M A I N   N E W S

Rs 850 MSP for paddy
PM’s advisory council to take final decision
Vibha Sharma
Tribune News Service

New Delhi, June 12
Despite the Commission for Agricultural Costs and Prices (CACP) recommending a much bigger hike, the government today raised the MSP for paddy by Rs 105 to Rs 850 per quintal for 2008-09 kharif season as an “ad hoc” measure. It left it to the Prime Minister’s Economic Advisory Council (EAC) to take a final decision for increasing the MSP to Rs 1,000 as recommended by the CACP.

Announcing the decision after the meeting of the Cabinet Committee on Economic Affairs (CCEA), finance minister P. Chidambaram said this was an “ad hoc” price fixed by the government after various state governments gave conflicting recommendations on the price to be paid to the farmers.

The government had to announce an ad hoc increase in the paddy MSP as sowing had started in Kerala, Karnataka and Madhya Pradesh after the arrival of monsoon. Paddy sowing has also begun in Punjab and Haryana.

For the “A” category variety, the CACP had recommended Rs 1,050 a quintal. Last year, the paddy MSP was Rs 645 per quintal for common variety and Rs 675 a quintal for higher grade. The Centre had also offered a bonus of Rs 100 per quintal over and above the support price. This year too a bonus announcement is likely to follow shortly.

Chidambaram said the CACP recommendations had been referred to the Prime Minister’s EAC and the decision would be taken in a calibrated manner. Though he did add that farmers had been given good prices, which was reflected in production and procurement and a Rs 255 hike would be sharp rise.

Regarding today’s decision, he said this was not the first time that CACP recommendations had not been implemented in totality. “Recommendations were altered in the past as well,” he added.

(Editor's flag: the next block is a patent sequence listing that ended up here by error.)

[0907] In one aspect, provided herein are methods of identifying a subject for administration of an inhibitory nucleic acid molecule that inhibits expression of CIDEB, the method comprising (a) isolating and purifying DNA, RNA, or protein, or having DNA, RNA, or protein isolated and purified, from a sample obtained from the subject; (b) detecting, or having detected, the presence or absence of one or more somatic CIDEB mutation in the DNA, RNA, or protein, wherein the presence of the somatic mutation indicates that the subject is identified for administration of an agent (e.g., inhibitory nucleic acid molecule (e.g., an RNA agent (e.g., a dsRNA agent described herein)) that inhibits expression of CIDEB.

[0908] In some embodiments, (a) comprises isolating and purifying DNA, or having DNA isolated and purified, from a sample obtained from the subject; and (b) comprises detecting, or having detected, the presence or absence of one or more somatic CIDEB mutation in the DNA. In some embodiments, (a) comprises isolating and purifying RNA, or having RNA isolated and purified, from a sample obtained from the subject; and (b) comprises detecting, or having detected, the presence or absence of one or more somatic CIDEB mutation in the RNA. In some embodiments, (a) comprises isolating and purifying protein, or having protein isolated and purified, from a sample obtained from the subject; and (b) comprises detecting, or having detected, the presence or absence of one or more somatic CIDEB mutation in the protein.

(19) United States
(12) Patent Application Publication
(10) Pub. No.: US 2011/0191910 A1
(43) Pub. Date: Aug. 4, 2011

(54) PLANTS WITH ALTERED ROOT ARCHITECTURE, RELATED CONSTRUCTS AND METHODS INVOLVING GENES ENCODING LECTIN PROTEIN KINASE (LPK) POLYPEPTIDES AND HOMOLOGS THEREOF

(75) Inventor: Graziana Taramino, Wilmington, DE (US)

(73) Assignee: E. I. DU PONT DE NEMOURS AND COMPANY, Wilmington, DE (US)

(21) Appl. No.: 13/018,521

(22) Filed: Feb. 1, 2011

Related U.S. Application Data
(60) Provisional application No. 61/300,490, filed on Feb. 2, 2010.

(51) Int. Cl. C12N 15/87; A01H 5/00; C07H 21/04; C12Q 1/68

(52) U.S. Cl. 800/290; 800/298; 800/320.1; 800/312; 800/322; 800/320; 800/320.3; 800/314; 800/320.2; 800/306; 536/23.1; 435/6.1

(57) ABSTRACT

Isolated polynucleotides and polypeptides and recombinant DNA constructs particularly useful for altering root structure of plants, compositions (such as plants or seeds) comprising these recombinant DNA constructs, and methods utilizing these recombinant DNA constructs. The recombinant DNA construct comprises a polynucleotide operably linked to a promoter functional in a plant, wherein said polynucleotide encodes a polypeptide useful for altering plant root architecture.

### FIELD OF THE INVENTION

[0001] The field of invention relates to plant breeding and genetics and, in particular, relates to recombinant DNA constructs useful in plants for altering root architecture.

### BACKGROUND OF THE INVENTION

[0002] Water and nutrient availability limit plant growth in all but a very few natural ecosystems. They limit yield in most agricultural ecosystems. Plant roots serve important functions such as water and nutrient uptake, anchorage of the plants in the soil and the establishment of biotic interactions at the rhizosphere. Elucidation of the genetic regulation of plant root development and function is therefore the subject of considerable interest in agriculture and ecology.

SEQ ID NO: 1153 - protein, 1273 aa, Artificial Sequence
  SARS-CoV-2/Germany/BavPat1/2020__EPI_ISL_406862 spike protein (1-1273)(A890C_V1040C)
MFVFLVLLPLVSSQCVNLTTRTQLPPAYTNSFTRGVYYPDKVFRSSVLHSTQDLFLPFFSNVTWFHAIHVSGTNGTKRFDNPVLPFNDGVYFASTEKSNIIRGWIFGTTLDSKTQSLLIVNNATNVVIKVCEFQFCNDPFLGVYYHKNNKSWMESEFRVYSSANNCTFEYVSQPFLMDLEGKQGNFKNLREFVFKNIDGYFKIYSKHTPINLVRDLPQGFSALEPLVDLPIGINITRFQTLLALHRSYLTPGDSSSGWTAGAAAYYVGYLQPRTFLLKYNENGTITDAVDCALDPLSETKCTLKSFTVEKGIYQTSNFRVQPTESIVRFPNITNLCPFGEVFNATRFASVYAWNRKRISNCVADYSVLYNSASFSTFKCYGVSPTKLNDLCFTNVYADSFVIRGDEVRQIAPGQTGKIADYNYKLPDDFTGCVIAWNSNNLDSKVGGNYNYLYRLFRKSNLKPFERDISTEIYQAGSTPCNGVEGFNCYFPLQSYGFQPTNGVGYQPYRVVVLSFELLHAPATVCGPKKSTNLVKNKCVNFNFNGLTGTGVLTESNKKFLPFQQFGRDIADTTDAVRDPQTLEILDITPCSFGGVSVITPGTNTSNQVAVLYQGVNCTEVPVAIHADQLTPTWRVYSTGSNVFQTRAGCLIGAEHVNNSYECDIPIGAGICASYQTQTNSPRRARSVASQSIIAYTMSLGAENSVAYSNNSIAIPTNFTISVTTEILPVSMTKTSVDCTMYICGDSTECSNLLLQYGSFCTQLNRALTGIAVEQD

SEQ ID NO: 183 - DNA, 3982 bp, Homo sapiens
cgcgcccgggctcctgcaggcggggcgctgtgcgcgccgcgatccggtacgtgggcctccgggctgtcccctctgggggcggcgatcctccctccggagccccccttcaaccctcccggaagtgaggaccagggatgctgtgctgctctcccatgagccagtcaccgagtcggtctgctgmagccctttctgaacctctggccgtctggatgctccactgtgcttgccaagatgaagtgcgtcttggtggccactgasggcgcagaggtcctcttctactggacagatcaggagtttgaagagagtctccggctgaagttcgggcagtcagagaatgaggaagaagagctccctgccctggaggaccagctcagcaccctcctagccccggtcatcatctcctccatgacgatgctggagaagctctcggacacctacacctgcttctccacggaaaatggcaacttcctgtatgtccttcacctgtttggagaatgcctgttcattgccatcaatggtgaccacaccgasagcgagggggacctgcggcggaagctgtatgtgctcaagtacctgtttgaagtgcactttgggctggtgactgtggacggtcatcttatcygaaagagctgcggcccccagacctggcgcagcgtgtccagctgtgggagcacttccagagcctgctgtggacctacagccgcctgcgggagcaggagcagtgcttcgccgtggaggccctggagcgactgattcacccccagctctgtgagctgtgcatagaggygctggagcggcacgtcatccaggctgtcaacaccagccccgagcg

The CACP, which is the advisory body on fixing the minimum support price for all crops, recommended a Rs 255 hike in the MSP from Rs 745 (645+100) a quintal for common variety paddy. For “A” variety of paddy, the recommendation was for Rs 1,050 a quintal against the present Rs 775.

The reason for this ad hoc measure, the finance minister explained, was that some states like Gujarat, Madhya Pradesh and Orissa wanted less than Rs 1,000 a quintal as MSP, while others wanted more than that. It was in view of such divergent views that the matter was referred to the EAC, he added.

The EAC will now look at entire recommendations of the CACP, besides also the MSP for paddy.

A paltry hike, say farmers: Farmers have reacted sharply to this “paltry increase” in paddy MSP. “It seems that the government has forgotten the global crisis in foodgrains, especially rice, and resorted to extreme shortsightedness by not giving farmers their due and referring the issue to another committee. On one side they are distributing largesse to farmers by giving them loan waivers and on the other they have started another vicious cycle of debt trap,” says Bharatiya Krishak Samaj president Krishan Bir Chaudhury.

He goes on to add that the move was in fact aimed to benefit the corporate sector. “The government should increase the MSP. Who are they to ignore the CACP’s recommendations? The fact is now the MNCs will buy from farmers and export and the government will import at higher costs”.

BKU (Punjab) president Balbir Singh Rajewal, who on behalf of farmers from Punjab had given a memorandum to agriculture minister Sharad Pawar demanding an MSP of Rs 1620 per quintal, said the announcement of the ad hoc price was meant to confuse the farmers.



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